Saint Louis Art Museum is one of the nation’s leading comprehensive art museums containing more than 30,000 works of art. Its collections include works of exceptional quality from virtually every culture and time period. The Museum offers a full range of exhibitions, a research library, four conservation labs, varied annual schedule of special events, and community and school programs. The Museum’s art are arranged in three themes; Political Order, Masks and Festivals, and Power Objects. Three installations, along with programs and events, are presented by the museum to honor the influence and contributions of Africans and African Americans to our nation’s art and culture. We may stop to think that people once saw these same artworks in a royal palace, wore them in dance performances, and believed in their power to change the world. Admission to the Museum and its collection is free every day.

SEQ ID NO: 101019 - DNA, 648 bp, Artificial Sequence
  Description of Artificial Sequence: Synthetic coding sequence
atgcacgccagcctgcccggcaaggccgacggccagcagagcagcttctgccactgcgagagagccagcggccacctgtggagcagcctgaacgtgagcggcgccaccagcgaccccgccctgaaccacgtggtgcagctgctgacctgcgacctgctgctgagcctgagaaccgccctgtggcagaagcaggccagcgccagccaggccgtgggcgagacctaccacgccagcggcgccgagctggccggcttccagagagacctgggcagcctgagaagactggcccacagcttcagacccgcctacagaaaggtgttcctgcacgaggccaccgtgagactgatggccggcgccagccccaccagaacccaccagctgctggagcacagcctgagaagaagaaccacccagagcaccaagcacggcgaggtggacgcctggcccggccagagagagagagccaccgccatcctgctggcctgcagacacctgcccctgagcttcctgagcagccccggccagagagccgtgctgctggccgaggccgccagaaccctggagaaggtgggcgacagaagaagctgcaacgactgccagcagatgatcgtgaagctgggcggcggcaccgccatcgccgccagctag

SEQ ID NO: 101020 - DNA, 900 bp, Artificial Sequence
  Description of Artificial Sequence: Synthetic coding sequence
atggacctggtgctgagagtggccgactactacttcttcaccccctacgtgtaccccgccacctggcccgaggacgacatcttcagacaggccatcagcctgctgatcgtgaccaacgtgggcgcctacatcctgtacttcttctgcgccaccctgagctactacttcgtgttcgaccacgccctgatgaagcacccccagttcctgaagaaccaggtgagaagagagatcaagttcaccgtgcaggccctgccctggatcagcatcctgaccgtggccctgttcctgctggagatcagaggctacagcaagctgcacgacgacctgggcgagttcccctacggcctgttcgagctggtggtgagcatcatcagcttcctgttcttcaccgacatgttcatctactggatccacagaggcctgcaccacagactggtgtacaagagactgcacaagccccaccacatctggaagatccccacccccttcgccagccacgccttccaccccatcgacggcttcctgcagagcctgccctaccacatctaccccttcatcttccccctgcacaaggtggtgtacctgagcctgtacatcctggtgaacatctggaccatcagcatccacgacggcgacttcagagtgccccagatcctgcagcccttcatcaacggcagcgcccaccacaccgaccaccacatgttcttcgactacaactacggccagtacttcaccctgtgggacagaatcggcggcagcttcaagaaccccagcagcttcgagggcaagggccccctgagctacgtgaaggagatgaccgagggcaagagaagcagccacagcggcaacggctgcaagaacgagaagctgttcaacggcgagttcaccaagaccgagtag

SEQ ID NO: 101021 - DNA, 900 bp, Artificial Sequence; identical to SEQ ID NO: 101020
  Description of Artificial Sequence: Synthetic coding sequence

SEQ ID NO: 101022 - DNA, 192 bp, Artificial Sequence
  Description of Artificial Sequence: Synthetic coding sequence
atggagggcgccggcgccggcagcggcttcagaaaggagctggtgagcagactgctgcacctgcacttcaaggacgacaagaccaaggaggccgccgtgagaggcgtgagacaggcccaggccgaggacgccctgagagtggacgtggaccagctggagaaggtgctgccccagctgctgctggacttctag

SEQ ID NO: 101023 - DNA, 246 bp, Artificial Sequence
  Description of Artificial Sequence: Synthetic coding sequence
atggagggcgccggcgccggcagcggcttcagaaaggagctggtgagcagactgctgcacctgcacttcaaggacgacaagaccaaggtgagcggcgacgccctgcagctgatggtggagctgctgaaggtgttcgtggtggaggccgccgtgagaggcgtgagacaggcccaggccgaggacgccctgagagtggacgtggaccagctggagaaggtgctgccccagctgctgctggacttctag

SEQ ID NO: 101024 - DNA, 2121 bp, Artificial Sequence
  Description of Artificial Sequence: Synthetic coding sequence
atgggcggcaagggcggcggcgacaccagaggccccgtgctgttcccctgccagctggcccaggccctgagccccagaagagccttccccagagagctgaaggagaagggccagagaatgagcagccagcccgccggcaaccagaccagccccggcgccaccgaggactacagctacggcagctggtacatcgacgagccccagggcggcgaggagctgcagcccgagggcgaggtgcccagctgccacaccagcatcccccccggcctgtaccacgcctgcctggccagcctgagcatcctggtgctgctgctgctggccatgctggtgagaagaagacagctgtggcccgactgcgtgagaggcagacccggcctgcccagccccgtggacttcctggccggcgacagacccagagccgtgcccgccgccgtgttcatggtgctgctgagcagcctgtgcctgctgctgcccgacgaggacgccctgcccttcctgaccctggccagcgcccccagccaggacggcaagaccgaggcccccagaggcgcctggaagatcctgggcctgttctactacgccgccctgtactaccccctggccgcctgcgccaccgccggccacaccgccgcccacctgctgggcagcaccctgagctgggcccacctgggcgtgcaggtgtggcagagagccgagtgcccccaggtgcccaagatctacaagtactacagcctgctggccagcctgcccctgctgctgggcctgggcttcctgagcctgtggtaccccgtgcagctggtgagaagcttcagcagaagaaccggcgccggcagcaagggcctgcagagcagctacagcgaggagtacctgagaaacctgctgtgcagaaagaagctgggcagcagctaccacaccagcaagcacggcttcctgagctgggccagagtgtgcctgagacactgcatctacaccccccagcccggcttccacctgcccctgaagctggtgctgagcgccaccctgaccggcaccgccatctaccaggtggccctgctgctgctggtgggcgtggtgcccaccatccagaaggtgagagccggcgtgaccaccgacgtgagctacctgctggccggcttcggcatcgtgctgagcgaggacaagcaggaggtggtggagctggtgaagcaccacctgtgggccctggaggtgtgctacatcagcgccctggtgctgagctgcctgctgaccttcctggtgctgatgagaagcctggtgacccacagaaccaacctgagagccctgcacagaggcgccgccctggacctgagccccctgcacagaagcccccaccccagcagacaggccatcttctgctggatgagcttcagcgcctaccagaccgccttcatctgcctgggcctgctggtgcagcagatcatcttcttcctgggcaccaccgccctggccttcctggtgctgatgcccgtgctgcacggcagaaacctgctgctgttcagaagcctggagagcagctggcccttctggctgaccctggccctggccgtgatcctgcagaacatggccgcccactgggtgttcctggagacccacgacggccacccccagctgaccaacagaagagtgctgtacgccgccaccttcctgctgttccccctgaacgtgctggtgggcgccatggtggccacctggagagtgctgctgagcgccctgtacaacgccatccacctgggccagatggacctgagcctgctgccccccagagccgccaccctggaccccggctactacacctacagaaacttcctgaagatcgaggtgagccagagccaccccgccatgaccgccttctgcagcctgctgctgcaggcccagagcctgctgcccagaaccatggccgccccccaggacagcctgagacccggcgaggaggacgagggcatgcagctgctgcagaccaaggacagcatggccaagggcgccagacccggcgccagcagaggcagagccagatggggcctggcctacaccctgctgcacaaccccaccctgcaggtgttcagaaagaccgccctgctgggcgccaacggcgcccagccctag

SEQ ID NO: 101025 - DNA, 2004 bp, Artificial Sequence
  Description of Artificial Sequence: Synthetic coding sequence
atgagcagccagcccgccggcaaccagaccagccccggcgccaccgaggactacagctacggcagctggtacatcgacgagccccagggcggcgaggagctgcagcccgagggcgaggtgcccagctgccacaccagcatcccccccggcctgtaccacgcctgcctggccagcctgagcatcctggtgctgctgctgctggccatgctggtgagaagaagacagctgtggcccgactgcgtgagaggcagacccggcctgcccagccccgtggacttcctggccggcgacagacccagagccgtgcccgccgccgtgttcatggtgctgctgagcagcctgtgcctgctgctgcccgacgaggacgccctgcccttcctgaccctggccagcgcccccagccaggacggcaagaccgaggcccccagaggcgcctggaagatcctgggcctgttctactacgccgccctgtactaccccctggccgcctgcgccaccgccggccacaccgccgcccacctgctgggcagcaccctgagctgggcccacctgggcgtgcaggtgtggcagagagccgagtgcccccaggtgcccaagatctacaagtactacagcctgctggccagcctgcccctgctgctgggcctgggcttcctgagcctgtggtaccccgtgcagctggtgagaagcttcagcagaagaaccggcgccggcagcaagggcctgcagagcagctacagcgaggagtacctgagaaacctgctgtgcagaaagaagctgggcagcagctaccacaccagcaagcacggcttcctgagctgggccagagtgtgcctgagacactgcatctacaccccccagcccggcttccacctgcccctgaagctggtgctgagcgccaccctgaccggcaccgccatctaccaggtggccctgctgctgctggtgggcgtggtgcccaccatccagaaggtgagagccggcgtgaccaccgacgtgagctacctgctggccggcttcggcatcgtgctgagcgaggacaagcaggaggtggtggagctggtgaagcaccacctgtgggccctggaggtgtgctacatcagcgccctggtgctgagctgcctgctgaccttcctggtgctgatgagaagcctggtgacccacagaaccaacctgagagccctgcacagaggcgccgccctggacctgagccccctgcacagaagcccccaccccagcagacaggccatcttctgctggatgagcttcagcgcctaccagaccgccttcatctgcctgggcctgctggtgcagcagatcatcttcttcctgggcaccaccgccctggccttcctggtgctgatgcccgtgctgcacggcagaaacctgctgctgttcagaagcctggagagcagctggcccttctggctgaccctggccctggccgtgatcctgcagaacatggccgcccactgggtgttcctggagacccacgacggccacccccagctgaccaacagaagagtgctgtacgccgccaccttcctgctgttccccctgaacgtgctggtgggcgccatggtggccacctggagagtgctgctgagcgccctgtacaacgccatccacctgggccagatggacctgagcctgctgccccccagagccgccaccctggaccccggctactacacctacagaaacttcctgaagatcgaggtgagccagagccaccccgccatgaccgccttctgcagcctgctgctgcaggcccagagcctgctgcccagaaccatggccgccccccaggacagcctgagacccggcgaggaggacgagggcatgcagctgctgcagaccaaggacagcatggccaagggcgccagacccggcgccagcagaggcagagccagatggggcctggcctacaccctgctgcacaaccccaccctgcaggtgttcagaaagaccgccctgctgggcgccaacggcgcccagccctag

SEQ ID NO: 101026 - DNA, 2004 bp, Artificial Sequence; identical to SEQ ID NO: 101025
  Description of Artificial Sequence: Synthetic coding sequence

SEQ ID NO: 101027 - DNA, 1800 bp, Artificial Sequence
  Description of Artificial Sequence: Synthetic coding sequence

The Joplin House State Historic Site has a building that Scott Joplin lived in with the piano that used to compose his ragtime classics. The visitor center exhibits and depict St. Louis and the neighborhood, as Joplin knew them, and additional details about his life and work. By age 11, this child prodigy was able to play several musical instruments, and compose and improvise his own music. Joplin mastered both formal and structure of classical music. Joplin eventually became the leading exponent of a new, syncopated musical genre, “The King of Ragtime”. The operating player piano in the music room allows visitors to listen to piano rolls of the ragtime era, including some that were cut by Joplin himself.